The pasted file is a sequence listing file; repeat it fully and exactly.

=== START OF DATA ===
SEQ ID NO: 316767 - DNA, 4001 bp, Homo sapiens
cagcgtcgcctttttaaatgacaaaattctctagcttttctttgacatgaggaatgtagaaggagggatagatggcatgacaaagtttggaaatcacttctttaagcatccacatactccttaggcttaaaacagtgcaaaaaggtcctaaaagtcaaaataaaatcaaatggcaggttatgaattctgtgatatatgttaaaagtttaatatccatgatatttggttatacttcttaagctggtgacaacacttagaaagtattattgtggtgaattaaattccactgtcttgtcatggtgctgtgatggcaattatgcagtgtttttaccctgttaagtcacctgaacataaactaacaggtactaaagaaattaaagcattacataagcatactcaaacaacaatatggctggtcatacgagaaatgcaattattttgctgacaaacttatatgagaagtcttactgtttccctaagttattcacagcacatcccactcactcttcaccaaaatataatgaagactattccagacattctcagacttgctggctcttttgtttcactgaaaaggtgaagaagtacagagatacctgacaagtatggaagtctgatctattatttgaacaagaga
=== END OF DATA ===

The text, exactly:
SEQ ID NO: 316767 - DNA, 4001 bp, Homo sapiens
cagcgtcgcctttttaaatgacaaaattctctagcttttctttgacatgaggaatgtagaaggagggatagatggcatgacaaagtttggaaatcacttctttaagcatccacatactccttaggcttaaaacagtgcaaaaaggtcctaaaagtcaaaataaaatcaaatggcaggttatgaattctgtgatatatgttaaaagtttaatatccatgatatttggttatacttcttaagctggtgacaacacttagaaagtattattgtggtgaattaaattccactgtcttgtcatggtgctgtgatggcaattatgcagtgtttttaccctgttaagtcacctgaacataaactaacaggtactaaagaaattaaagcattacataagcatactcaaacaacaatatggctggtcatacgagaaatgcaattattttgctgacaaacttatatgagaagtcttactgtttccctaagttattcacagcacatcccactcactcttcaccaaaatataatgaagactattccagacattctcagacttgctggctcttttgtttcactgaaaaggtgaagaagtacagagatacctgacaagtatggaagtctgatctattatttgaacaagaga